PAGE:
TSTC receives big boost to wind energy program

July 11, 2014 by  
Filed under Green Energy News

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Engineering Division Director Hector Yanez, center, and Wind Energy Program chair David Gomez, right, were present upon the arrival of the 70-ton nacelle at TSTC, which will be used for hands-on training by students in the Wind Energy Techonology Program.

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Gomez said the nacelle will be used for maintenance demonstrations and applying various troubleshooting techniques by students upon their first semester in the program.



Posted: Friday, July 11, 2014 5:33 pm

TSTC receives big boost to wind energy program

By ELADIO JAIMEZ

TSTC Staff

Valley Morning Star

The Wind Energy Technology Program at Texas State Technical College received a huge boost this week when a 70-ton nacelle equipped with a gear box and generator arrived on campus to be used by students for hands-on training purposes.

The nacelle is the housing component to the generator, gear box and other equipment that sits atop a wind turbine tower and holds the blades.

It weighs about the same as six school buses, and was transported on a flatbed trailer from a manufacturing plant in Round Rock, with trip to Harlingen taking almost 24 hours.

WET Program chairman David Gomez said the addition of the nacelle will give students real world experience before they graduate.

“We have state-of-the-art lab trainers here already,” Gomez said. “But nothing can quite compare to what is really used out in the field, in terms of sheer size, operations and accessibility. What our students will see in the wind industry once they start working will be nothing new to them now.”

Ingleside’s WET Program chairman George Lister spent years as a wind technician before becoming an instructor and now heads TSTC’s satellite operations in the Coastal Bend area.

Lister, who valued the donation by a wind energy company at nearly $1 million, said the nacelle will make TSTC’s WET Program one of the premier training facilities in the country.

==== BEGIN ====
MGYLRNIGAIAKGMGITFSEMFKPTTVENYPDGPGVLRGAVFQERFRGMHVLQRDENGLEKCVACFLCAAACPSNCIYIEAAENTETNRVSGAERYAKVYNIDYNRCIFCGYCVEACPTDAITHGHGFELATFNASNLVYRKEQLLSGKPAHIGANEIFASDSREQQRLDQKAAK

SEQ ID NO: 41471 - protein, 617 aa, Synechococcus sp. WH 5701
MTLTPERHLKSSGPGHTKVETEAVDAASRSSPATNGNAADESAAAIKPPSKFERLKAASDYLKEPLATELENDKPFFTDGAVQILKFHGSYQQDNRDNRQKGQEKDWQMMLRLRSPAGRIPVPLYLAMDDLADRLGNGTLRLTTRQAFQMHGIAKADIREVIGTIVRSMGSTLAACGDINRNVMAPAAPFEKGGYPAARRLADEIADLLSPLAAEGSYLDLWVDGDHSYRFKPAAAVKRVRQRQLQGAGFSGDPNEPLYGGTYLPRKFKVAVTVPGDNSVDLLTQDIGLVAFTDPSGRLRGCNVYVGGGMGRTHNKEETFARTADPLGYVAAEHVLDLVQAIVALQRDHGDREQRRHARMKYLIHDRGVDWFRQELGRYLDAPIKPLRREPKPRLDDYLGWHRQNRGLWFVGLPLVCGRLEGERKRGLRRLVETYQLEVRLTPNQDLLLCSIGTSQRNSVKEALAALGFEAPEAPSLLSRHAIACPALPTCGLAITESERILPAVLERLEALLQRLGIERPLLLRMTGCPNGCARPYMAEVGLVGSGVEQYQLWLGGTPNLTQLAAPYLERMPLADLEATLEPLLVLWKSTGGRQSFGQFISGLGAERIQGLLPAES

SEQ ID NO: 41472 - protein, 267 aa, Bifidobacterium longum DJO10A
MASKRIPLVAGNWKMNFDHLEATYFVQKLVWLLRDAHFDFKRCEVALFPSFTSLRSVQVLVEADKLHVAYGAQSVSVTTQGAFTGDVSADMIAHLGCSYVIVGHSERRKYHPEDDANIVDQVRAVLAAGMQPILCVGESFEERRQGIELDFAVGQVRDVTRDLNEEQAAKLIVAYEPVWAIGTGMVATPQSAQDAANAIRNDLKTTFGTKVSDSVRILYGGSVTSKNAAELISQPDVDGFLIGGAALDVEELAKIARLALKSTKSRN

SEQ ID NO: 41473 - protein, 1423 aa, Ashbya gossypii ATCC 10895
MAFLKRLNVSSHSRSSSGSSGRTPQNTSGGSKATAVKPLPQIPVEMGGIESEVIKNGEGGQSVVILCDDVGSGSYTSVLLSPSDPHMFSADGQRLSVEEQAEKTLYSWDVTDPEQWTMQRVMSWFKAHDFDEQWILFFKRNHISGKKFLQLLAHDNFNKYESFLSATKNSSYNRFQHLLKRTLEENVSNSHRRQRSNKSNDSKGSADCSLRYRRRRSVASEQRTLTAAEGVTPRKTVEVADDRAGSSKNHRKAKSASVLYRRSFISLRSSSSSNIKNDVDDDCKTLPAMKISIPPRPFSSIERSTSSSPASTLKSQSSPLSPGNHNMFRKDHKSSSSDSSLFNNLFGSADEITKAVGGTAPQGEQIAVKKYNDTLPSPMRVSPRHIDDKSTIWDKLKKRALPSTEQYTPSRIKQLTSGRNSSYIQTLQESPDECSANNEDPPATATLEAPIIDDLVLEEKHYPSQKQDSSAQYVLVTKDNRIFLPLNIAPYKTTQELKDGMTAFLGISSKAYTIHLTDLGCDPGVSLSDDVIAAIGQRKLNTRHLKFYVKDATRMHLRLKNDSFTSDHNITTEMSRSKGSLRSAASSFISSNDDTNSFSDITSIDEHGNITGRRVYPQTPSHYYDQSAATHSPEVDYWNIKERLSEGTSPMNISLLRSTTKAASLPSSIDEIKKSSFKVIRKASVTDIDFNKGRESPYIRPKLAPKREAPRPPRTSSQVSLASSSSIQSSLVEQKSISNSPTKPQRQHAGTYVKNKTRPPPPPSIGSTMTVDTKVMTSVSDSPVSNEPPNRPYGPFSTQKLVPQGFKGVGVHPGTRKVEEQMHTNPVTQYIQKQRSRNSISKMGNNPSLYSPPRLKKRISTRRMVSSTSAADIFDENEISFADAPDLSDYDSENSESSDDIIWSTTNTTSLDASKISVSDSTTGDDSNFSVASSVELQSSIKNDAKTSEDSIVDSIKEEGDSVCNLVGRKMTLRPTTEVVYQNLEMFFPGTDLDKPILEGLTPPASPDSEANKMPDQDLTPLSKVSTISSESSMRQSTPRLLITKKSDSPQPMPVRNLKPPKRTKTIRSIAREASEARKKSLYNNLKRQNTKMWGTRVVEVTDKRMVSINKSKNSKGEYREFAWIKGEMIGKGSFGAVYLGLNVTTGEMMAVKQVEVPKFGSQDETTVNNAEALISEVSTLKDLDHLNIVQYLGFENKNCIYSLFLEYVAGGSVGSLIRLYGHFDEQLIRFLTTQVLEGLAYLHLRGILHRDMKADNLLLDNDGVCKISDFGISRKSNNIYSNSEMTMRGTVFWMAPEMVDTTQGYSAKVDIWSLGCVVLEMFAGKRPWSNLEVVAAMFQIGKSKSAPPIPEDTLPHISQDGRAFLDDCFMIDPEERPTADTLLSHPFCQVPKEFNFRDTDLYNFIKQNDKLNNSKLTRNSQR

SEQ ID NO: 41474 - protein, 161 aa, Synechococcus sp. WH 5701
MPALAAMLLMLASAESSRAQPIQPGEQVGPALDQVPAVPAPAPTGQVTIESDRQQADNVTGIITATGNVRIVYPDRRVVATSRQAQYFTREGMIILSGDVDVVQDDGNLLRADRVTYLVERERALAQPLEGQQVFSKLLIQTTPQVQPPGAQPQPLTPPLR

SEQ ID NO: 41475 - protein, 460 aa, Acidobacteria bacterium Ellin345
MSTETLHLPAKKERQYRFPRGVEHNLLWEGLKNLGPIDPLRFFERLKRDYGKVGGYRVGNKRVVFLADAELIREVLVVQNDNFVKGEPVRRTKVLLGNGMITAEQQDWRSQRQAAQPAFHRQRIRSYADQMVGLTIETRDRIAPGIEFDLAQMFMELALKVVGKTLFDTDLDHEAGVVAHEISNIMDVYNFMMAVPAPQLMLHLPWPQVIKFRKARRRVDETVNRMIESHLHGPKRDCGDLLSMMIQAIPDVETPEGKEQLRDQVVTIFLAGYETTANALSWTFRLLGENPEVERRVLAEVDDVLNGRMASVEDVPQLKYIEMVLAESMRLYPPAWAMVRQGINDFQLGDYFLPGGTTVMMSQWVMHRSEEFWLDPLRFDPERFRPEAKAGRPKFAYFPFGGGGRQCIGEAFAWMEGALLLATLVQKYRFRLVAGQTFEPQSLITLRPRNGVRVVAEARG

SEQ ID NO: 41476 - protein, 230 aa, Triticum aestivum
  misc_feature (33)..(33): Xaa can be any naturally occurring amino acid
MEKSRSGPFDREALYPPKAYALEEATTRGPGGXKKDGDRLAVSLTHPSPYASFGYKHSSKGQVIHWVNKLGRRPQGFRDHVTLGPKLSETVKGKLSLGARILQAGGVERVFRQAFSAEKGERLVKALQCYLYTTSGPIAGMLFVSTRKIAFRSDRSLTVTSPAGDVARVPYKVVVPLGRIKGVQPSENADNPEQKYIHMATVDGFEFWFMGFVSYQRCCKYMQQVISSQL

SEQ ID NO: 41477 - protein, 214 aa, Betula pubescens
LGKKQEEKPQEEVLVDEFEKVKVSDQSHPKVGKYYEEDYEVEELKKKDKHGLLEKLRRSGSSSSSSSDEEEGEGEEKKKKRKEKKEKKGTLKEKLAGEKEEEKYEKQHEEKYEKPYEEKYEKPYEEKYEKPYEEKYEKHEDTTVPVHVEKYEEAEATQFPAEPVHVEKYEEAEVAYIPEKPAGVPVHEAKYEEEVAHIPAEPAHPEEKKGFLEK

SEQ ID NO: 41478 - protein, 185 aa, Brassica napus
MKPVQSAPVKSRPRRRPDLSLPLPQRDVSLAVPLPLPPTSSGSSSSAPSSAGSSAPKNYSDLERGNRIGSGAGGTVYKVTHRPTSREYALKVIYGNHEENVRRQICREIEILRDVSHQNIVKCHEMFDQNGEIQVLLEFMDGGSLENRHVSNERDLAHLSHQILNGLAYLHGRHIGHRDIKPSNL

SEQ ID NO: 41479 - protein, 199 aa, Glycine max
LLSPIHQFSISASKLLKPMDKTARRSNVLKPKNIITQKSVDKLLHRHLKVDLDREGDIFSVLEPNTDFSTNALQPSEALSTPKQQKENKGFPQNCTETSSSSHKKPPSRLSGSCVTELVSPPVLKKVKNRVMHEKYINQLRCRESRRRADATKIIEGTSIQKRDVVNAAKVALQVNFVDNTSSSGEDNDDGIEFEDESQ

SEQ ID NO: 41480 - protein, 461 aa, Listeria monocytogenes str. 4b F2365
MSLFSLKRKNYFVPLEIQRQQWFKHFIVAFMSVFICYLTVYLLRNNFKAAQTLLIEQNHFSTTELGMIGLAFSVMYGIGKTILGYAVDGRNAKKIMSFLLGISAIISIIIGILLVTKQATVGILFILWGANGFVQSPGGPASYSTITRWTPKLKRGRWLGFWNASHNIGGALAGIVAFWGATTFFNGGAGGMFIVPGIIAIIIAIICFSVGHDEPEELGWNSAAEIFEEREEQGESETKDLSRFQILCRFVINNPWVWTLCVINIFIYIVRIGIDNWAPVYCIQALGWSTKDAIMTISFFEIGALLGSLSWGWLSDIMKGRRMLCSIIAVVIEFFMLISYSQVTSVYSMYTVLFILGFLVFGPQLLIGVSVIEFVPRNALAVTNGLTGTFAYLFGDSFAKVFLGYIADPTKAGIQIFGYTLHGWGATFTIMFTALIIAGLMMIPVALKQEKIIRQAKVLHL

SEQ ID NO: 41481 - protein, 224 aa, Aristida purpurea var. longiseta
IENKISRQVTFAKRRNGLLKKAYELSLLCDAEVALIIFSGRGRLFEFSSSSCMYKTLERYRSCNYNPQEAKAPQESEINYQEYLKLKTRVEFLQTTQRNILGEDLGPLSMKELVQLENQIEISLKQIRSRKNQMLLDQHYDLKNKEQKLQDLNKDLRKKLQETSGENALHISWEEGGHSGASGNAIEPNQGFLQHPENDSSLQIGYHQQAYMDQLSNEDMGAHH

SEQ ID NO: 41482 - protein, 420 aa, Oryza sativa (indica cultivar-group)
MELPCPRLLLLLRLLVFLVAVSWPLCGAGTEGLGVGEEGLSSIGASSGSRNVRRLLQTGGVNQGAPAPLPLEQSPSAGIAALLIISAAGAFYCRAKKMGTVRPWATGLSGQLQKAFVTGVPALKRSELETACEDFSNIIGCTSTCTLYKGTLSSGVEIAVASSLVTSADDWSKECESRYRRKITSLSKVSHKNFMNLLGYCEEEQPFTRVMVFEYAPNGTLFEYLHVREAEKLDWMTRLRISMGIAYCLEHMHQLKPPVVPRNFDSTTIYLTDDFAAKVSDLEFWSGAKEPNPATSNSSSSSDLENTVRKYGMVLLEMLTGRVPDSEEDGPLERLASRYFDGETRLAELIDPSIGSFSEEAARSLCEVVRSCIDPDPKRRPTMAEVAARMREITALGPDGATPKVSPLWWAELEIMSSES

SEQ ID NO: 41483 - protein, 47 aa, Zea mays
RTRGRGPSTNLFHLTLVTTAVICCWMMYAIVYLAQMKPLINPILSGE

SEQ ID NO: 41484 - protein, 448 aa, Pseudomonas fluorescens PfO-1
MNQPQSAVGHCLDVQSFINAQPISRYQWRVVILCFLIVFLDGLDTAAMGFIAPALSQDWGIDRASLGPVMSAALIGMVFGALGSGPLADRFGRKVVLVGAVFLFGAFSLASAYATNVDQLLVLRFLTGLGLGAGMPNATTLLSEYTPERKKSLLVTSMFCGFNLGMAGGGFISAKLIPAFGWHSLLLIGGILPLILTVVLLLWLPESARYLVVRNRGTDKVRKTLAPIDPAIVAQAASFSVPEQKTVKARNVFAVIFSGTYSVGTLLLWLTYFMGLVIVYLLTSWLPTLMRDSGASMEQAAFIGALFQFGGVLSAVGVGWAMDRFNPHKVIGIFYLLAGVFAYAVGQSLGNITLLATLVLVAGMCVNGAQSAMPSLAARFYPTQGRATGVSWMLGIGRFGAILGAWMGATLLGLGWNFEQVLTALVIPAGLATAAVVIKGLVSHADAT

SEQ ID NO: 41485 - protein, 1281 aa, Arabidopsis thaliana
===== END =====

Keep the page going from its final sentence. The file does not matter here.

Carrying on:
“It will provide invaluable hands-on training to our students,” Lister said. “It’s a major component to what we do and our students will be more ready when they graduate. Our Ingleside students will make use of it, too.”

The nacelle now sits adjacent to the Engineering Center but TSTC Interim President Stella Garcia said the college would explore the possibility of building a 15 to 20-foot base that would allow students access to the nacelle similar to how they would access from a full-size turbine.

“They will be able to experience and move around in a small amount of space to monitor and troubleshoot equipment that is found hundreds of feet above the ground,” Garcia said. “Short of actually going to a wind farm and climbing the tower, the students will experience the real thing on campus.”

Gomez said the nacelle will be used for maintenance demonstrations and applying various troubleshooting techniques by students upon their first semester in the program.

“The TSTC Wind Energy Program became significantly stronger with the arrival of the nacelle,” Gomez said. “A big thank you to all those involved.”

To learn more about the Wind Energy Technology Program, go to www.tstc.edu/harlingenwindtech.

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Friday, July 11, 2014 5:33 pm.

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